In his Guide to Startups Part 7 Marc Andreessen argues that a startup’s business plan doesn’t matter that much. I am not so sure that is the right way to think about things. For sure every plan will change, but that doesn’t mean you shouldn’t think about it thoroughly.
Marc makes an analogy with the military saying:
No battle plan survives contact with the enemy
True enough. But it doesn’t stop the military from being obsessive planners. And it doesn’t stop armies without a good plan getting beaten by more organised oponents.
It is possible to overplan – and I agree that the most important thing for a startup by far is to find what Marc calls the ‘product/market fit’ – but for me the best approach is to always have a clear plan and then to be flexible in changing it.
If a startup is like a journey, and the plan is the route map from startup to success, then having a reasonably detailed plan is the best way to make sure you are setting off in the right direction. And of making sure you turn in the right direction when you get to a block in the road.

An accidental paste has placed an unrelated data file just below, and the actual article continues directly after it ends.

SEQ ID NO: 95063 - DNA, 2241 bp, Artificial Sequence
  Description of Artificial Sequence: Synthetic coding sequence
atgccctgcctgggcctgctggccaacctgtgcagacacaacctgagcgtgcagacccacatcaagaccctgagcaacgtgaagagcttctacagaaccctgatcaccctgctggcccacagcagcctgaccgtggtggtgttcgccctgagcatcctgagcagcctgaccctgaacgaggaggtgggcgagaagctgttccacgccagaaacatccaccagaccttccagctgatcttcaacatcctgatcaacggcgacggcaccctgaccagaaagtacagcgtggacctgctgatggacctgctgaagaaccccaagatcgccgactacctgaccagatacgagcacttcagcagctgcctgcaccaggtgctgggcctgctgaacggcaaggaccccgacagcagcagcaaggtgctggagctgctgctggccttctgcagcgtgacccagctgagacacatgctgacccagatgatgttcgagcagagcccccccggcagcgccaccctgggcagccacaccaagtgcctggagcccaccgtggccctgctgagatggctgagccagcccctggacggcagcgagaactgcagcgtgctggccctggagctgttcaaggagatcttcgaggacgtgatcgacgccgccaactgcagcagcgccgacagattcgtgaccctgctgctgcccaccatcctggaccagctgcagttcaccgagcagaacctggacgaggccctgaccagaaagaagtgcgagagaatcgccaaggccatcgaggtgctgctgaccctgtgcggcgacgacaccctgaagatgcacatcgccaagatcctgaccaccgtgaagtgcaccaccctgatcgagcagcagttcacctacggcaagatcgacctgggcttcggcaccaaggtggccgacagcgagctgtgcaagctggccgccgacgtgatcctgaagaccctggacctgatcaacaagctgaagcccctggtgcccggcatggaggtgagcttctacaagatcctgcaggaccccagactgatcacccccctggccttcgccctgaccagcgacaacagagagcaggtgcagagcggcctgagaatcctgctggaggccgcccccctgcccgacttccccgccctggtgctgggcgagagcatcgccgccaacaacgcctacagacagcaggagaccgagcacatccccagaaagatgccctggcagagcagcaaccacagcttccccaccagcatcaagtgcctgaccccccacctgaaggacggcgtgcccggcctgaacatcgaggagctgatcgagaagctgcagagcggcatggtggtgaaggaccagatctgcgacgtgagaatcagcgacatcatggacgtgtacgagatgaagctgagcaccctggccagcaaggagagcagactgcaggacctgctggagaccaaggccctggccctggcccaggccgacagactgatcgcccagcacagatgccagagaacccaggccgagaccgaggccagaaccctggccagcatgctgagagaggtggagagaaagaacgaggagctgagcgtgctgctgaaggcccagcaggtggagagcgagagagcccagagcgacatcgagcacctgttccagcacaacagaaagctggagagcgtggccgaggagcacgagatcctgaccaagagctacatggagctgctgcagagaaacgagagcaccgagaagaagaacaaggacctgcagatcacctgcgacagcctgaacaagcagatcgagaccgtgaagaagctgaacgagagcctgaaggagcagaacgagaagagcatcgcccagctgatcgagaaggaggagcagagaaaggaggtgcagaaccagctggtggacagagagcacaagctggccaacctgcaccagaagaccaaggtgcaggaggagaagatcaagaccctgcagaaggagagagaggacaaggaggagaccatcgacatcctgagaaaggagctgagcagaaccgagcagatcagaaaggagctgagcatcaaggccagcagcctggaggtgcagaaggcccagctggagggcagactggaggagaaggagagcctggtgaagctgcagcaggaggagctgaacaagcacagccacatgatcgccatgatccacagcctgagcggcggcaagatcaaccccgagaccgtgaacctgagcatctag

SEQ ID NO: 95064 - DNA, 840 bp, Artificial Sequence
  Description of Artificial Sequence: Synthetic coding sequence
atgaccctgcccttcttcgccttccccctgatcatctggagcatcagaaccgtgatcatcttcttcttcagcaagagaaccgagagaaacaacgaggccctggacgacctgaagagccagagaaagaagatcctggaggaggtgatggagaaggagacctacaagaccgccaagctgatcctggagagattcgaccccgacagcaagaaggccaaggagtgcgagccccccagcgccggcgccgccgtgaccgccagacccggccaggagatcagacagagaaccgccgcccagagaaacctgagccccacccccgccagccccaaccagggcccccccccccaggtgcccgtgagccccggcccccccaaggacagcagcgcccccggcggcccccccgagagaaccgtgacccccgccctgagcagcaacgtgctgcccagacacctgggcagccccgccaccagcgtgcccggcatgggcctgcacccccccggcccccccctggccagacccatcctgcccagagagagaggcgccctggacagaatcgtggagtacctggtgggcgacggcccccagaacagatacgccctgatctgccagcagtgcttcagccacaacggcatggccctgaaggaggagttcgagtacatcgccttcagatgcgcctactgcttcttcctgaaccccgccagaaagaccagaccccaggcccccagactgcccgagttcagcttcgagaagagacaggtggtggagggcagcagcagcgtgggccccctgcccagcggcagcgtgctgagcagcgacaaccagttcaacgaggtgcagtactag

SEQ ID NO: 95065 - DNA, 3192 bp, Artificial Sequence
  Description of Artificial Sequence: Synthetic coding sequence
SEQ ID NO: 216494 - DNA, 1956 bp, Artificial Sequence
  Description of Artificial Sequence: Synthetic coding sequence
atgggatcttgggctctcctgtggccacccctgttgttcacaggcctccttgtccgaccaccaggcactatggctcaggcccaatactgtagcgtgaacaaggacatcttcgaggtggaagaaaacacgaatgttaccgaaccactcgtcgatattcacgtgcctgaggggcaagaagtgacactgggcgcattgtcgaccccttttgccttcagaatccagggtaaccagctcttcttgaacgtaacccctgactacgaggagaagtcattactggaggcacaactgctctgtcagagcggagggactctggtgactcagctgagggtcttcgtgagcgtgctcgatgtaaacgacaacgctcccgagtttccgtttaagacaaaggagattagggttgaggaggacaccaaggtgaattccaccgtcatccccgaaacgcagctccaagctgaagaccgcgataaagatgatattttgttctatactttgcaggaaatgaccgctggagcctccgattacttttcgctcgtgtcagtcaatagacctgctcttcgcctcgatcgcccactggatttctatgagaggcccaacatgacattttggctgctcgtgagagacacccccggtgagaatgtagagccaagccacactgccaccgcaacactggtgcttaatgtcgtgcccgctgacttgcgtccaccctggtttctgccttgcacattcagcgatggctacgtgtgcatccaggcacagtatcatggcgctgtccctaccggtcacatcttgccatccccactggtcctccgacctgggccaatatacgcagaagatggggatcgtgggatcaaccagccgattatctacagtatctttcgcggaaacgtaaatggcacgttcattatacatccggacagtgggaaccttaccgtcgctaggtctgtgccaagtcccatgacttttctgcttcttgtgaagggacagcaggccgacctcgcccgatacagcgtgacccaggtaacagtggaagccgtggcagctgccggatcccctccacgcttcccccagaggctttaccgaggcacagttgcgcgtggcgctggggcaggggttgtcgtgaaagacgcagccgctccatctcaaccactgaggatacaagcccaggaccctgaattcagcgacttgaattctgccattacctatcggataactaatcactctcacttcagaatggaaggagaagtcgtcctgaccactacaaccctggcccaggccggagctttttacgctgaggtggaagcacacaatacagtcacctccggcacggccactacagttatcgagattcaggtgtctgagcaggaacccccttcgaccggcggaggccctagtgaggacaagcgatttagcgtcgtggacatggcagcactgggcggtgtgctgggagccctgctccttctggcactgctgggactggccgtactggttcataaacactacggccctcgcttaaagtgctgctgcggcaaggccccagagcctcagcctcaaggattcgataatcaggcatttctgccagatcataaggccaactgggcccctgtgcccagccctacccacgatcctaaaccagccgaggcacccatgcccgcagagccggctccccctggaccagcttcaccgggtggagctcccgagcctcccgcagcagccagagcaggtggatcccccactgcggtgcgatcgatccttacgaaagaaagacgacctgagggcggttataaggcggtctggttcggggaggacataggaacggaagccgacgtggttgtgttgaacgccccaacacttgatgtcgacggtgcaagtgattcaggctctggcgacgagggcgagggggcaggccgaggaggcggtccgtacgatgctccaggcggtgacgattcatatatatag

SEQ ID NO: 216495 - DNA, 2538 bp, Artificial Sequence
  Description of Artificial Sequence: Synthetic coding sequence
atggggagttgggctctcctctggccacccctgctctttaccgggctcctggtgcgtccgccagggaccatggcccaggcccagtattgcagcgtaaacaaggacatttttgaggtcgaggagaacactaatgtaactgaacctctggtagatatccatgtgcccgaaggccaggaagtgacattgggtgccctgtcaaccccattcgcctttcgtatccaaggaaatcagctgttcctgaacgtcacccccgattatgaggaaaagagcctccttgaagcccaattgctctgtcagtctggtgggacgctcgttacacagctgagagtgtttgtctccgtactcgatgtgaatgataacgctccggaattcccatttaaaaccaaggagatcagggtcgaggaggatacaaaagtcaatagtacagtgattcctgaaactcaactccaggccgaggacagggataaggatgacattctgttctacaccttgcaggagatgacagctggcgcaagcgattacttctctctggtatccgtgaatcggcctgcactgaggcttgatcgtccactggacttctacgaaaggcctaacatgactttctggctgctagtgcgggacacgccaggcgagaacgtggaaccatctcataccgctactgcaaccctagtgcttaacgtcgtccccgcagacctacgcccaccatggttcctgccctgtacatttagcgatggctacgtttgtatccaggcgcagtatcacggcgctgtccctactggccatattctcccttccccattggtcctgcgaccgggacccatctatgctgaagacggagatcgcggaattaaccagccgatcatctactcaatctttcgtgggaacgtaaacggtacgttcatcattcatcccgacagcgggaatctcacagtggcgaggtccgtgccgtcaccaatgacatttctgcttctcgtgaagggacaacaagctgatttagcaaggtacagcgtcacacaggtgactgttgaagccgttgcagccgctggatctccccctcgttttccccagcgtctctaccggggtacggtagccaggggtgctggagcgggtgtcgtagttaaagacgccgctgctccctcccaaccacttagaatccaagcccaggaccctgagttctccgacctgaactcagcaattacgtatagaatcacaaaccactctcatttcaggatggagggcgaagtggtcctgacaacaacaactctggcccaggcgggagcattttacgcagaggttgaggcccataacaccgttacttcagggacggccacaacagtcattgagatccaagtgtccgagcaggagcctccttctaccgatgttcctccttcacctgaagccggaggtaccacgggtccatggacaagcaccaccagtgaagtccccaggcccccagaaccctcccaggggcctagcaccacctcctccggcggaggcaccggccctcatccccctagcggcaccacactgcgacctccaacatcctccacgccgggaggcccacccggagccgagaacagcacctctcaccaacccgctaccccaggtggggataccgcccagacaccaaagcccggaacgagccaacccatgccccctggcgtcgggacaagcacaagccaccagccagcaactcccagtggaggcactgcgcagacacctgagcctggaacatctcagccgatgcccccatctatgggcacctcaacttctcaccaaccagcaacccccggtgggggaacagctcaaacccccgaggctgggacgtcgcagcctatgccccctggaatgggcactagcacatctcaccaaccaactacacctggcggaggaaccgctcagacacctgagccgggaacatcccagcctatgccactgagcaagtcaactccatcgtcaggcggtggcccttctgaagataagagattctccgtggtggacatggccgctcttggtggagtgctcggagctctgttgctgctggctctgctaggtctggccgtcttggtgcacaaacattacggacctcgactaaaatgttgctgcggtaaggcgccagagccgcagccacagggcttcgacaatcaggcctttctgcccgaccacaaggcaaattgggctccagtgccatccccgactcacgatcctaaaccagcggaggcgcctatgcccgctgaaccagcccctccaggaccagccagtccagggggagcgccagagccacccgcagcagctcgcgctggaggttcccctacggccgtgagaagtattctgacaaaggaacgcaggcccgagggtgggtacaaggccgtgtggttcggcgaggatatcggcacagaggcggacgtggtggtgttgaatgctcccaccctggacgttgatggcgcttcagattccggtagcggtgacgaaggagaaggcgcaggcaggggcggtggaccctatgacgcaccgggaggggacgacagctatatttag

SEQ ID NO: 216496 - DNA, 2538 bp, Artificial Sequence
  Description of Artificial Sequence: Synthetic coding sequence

The exercise of writing it down is valuable too. It forces a clarity of thought and makes the assumptions behind the plan explicit. Both of these should improve the quality of a plan.
I’m not sure about the next part of Marc’s post either:
The history of successful startups is quite clear on this topic [the unimportance of plans].
Normally I would simply point to Microsoft, which started as a programming tools company before IBM all but forced Bill Gates to go into the operating system business, or Oracle, which was a consultancy for the CIA before Larry Ellison decided to productize the relational database, or Intel, which was a much smaller company focused on the memory chip market until the Japanese onslaught of the mid-80’s forced Andy Grove to switch focus to CPUs.
I think these examples, with the exception of Ellison, are examples of what I was talking about yesterday. Gates was lucky that IBM pushed him into operating systems – not having a plan didn’t help him get there. In fact, if Gates had been trying to plan for world domination he might have seen earlier that without a move into OS’s he was unlikely to get there and pursued the opportunity more aggressively – as it was he had to be all but forced into it. Ditto for Andy Grove.
As an aside – it is testament to how uncomfortable we are with the notion of randomness that I found writing that last paragraph difficult. It just feels wrong saying that Gates was lucky. But if Marc has the story right (and I have heard it elsewhere) then he was – IBM could easily have retained the rights to the DOS IP.